Lisiunia A. Romanienko
University of Wroclaw – Institue of Sociology


The vehemence with which poverty persists in new EU states presents significant challenges for those interested in housing advocacy for the urban disadvantaged. Post-communist states like Poland have inherited an unenviable legacy of dilapidated Communist block housing presenting contemporary conditions that include concentrations of violent crime, an assault upon aesthetic sensibilities, and severe impediments for sustainable living. Other housing alternatives are the massive residential construction projects underway by foreign developers, resulting in false scarcity and spiraling costs. In response to these deleterious conditions, anarchist activists with a penchant for ecological living have advanced another alternative to the housing crisis through mobile architectural anarchy1. By recycling mobile architecture in the form of abandoned retro-fitted train wagons and traveling in small materially-unencumbered communities, these groups or caravans tend to informally settle or squat in peripheral, discarded environmental areas in cities to advance selfsufficient sustainable lifestyles known as urban homesteading2. These migrant housing pioneers, known as the new hobos3, have embraced their subaltern status, accepted their identity as stateless citizens in permanent exile and advanced nonhierarchical sustainable lifestyles. The analysis will provide a case study of participatory observation at Poland’s eco anarchist caravan collective, describe barriers to collective action, and frame the phenomenon in light of the utility of marginal territorial squatting to inspire European housing policy to expand this egalitarian housing solution for cities in the future.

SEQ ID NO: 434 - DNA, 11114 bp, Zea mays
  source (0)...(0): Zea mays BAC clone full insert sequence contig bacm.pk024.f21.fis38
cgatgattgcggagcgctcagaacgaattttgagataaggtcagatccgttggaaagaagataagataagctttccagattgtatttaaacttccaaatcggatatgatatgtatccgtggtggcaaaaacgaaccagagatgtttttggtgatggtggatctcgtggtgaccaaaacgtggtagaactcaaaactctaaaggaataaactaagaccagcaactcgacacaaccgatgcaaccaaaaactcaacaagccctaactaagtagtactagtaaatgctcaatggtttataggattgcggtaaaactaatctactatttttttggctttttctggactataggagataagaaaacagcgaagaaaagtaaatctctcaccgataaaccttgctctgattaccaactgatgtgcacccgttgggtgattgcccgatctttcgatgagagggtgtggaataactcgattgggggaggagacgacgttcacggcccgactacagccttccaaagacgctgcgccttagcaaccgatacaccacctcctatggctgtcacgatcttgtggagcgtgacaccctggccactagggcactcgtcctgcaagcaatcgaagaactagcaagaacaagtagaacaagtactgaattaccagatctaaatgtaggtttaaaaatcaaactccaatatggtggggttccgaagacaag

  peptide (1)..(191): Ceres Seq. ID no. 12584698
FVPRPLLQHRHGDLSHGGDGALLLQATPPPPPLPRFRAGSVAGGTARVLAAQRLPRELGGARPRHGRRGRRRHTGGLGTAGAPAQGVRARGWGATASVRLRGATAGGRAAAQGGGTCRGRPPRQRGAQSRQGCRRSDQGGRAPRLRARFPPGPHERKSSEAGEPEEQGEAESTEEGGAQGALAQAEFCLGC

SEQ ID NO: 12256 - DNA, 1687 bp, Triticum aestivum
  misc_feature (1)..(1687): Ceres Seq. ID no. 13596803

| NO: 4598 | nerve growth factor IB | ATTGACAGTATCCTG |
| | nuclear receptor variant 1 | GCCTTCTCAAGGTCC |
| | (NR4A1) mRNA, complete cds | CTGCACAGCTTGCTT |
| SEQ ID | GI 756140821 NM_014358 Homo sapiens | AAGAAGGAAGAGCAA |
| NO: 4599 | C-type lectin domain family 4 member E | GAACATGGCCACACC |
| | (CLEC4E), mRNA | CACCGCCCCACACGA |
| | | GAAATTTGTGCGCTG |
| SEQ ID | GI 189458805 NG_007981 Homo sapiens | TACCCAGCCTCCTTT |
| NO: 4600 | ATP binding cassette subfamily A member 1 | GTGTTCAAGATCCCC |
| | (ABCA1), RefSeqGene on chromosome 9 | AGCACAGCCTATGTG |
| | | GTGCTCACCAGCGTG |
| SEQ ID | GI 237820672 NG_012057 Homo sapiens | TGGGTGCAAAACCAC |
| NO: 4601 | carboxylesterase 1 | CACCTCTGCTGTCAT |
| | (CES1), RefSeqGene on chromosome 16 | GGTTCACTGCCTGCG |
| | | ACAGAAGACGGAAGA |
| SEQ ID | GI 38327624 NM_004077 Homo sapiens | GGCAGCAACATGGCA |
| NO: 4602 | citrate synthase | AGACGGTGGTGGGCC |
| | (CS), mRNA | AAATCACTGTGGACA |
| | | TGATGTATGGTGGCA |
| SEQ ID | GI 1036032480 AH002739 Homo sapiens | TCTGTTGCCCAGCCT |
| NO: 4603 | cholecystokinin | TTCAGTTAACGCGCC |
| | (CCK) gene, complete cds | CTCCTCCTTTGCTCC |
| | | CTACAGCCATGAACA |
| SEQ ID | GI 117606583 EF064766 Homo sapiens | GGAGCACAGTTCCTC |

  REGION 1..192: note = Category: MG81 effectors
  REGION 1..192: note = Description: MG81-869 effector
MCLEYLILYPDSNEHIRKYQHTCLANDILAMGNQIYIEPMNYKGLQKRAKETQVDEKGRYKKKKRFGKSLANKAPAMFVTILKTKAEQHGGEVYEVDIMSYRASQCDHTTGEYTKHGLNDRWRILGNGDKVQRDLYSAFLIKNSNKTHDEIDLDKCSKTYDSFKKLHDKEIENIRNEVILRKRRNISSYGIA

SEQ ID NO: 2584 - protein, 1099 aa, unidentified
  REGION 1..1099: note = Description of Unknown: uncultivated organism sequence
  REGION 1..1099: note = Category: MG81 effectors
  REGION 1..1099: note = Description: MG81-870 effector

sustainable living, urban squatting, European Housing Policy, antidevelopment



SAJ Vol. 4, 2012, No. 1